As the number of netizens has increased over the years, so has the volume of online content. People grab and share content they like — and more often than not, without the proper credit and just a mere ”CTTO”. But should you really be using CTTO?
What is CTTO?
CTTO is an acronym that stands for “credit to the owner”. It is widely used on social media, where netizens use it as an “attribution” of sorts to the original owner or creator of the content. The content may be of any type from photos and videos to stories and blocks of text to posts and memes. Other variations of the acronym can be “Photo not mine”, “Photo from Google”, or similar iterations. But should you really be using this acronym or other similar variations?
stop using “ctto” it’s useless because you’re not really crediting the owner/artist.
— darlene (@cannedemotions) May 24, 2019
So should you use CTTO?
Quick answer: NO. According to the Intellectual Property Office of the Philippines (IPOPHL), using CTTO and other variations is a violation of intellectual property laws.
The Philippines’ intellectual property regulator has continuously warned social media users to stop this practice, urging them to seek permission from the original owner. “Using CTTO does not excuse yung kumopya o gumamit noon. Dapat kukunin niya yung permiso bago niya ilalathala o gagamitin yung orihinal na content,” IPOPHL director general Rowel Barba said.
Why is using CTTO dangerous?
When using the acronym CTTO or any similar variation, you are not only disrespecting the original creator of the content, but you are also in danger of sharing fake news content. With how prevalent fake news and misinformation are now, not verifying the information and its source can easily lead to a wider spread of disinformation.
Enough with CTTO!!! Verify your sources!!! Stop spreading misinformation!!!
— Jason Tan Liwag (@jaseybel) May 16, 2022
How do I know if I can use the content?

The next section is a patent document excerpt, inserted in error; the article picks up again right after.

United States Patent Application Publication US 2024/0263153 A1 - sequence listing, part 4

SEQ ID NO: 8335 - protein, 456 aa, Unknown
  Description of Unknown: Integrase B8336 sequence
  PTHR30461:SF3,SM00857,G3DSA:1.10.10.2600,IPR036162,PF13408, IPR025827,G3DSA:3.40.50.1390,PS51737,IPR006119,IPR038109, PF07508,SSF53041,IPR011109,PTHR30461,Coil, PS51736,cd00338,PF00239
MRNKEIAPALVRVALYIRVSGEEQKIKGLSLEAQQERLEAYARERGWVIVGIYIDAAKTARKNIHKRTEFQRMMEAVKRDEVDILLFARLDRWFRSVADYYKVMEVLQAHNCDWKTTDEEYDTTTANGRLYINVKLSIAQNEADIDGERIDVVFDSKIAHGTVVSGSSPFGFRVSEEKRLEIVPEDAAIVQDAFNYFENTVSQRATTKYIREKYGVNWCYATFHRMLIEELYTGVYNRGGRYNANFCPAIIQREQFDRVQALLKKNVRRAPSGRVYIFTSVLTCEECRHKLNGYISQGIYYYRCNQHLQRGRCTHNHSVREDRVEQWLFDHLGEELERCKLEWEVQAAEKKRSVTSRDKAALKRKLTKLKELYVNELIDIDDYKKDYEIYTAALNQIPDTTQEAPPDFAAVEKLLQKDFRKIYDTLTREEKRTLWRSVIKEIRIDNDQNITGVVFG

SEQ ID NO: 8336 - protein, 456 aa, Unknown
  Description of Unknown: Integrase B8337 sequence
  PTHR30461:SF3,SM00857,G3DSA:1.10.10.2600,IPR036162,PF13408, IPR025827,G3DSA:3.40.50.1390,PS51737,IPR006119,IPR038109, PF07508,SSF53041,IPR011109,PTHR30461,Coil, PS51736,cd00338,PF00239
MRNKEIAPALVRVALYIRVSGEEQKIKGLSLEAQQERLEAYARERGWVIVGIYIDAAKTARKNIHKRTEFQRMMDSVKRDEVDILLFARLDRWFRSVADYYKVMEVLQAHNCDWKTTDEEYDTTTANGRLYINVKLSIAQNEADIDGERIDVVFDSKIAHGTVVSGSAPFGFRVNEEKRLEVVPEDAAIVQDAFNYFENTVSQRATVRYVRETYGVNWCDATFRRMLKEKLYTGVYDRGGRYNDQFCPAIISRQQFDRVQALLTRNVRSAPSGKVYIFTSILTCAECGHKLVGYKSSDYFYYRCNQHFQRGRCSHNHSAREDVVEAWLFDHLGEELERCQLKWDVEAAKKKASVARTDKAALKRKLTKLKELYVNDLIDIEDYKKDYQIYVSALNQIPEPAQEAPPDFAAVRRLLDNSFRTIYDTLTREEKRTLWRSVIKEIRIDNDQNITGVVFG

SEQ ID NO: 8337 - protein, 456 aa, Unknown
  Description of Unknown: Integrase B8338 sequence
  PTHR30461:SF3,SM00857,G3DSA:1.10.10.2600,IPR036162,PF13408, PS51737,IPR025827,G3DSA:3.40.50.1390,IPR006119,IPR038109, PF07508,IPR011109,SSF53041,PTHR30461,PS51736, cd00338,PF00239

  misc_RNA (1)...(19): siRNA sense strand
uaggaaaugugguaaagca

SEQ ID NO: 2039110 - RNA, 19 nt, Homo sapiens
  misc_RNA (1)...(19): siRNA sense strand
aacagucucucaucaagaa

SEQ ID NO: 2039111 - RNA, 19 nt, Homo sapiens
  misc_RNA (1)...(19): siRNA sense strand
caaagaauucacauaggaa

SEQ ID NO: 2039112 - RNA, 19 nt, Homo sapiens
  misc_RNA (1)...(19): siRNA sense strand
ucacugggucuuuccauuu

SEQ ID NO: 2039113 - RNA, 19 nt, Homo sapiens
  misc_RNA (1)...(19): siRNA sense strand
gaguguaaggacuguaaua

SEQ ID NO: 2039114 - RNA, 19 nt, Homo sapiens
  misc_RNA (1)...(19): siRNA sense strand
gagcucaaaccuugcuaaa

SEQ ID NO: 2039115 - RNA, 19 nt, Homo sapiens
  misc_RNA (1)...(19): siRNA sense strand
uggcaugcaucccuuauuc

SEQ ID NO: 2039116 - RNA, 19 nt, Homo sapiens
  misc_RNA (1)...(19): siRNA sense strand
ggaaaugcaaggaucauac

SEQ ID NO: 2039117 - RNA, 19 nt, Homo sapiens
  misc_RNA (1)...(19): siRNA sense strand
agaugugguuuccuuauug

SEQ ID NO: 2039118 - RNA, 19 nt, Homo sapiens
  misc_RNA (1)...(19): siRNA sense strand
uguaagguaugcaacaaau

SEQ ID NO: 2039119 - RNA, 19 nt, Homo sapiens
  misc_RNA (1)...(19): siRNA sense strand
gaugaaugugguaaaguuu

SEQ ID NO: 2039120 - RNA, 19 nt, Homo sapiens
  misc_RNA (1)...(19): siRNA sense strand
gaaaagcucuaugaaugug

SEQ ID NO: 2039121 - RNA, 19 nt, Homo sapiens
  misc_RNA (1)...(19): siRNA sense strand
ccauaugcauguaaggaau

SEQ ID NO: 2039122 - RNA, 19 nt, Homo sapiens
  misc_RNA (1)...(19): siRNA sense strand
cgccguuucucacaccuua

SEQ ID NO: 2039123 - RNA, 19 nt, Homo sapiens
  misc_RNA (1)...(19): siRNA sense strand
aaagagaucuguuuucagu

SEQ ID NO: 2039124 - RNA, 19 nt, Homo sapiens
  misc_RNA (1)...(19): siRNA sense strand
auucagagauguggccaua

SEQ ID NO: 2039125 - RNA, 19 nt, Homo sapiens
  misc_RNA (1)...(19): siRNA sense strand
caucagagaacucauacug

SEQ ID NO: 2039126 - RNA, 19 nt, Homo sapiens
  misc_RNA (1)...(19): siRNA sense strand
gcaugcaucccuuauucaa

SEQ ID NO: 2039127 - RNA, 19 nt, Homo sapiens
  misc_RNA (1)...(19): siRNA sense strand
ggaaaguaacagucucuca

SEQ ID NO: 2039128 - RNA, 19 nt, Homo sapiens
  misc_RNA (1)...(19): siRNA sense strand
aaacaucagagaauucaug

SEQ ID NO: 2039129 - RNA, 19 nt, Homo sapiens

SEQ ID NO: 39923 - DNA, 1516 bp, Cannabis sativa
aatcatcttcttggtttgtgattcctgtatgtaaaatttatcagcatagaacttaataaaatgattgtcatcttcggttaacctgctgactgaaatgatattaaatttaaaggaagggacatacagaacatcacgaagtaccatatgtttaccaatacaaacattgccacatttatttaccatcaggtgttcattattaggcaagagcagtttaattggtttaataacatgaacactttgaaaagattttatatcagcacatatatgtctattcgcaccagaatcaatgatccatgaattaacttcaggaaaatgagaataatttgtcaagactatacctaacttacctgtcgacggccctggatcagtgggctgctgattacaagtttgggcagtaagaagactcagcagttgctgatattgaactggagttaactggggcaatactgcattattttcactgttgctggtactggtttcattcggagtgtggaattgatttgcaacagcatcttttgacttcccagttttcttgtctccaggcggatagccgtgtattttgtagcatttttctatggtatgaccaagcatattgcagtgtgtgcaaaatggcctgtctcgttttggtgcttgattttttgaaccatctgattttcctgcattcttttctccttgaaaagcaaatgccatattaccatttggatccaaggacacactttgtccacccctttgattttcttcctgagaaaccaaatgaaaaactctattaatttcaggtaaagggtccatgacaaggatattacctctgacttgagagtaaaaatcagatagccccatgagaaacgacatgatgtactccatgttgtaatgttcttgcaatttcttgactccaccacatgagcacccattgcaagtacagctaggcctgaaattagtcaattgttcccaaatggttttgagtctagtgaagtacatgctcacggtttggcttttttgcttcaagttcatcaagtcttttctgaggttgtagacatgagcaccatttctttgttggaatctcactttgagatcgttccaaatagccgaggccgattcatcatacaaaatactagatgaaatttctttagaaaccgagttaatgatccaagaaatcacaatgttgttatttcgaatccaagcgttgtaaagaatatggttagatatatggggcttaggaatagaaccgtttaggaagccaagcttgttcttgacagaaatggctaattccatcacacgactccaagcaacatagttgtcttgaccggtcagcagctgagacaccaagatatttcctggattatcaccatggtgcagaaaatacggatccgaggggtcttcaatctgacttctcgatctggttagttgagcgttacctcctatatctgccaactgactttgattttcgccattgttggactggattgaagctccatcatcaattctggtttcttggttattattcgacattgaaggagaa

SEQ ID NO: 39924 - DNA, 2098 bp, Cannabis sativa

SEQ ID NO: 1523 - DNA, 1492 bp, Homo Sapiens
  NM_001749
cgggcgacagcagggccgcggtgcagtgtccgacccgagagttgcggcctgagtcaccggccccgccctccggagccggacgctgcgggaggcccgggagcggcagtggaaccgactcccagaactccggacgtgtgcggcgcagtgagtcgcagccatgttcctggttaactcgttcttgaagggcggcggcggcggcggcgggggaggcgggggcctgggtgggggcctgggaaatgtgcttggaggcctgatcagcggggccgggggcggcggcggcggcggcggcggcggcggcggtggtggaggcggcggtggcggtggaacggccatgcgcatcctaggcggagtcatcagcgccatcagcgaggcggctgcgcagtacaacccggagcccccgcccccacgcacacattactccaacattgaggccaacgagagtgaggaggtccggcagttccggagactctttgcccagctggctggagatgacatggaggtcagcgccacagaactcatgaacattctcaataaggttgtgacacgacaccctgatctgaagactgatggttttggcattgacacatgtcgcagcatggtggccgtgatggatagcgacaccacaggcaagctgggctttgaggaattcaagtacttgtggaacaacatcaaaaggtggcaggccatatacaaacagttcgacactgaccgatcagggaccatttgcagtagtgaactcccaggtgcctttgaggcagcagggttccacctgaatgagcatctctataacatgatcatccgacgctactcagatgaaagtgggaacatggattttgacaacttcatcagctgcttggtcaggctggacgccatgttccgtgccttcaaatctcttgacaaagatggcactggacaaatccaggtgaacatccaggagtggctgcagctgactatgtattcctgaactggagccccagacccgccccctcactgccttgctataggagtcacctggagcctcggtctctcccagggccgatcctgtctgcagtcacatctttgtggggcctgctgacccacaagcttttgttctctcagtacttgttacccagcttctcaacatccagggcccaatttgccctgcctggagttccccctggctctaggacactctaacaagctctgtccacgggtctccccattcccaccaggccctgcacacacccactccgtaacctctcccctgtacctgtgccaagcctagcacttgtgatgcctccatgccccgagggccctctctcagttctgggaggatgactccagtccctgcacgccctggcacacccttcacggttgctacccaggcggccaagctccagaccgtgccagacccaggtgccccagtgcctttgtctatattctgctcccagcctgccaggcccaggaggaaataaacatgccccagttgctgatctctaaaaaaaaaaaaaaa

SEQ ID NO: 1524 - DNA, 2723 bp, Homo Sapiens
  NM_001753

Under the Republic Act No. 8293 or the Intellectual Property Code of the Philippines, anyone who wants to use copyrighted work must seek the permission of its owner.
However, there are exceptions — namely those that fall under fair use, which is the legal doctrine that allows unlicensed use of copyright-protected works under certain circumstances. To determine whether the use of copyrighted works falls under fair use, the following factors must be considered:
- the purpose and character of the use, including whether the use is of a commercial nature or is for non-profit educational purposes;
- the nature of the copyrighted work;
- the amount and substantiality of the portion used in relation to the copyrighted work as a whole; and
- the effect of the use upon the potential market for or value of the copyrighted work.
What’s the proper way to give credit to the owner?
Instead of CTTO, you can use “Source:”, “Credit:”, “Photo by”, and other similar iterations followed by the name of owner/creator and, if applicable, the name of the platform where it was originally published or shared. This applies if you’re using the content under fair use as defined above.
If you want to use the content outside of fair use (e.g. commercially), you need to seek the permission of the owner to be able to use and share the content.
What if I can’t find where the content came from?
If you can’t find the original source of the content you want to share, simply don’t share it. In case you end up posting and sharing any copyrighted content (say, a video clip of a movie) without the explicit permission of the owner, you may end up facing legal repercussions that may include but are not limited to imprisonment and fines.
So it’s time for you to stop using CTTO and instead credit the original creators properly. It’s 2022. Let’s all say goodbye to CTTO.
C T T O 🤏🏼
is it too much to ask? pic.twitter.com/iWMcLKdVbk
— Tarantadong Kalbo (@KevinKalbo) August 5, 2020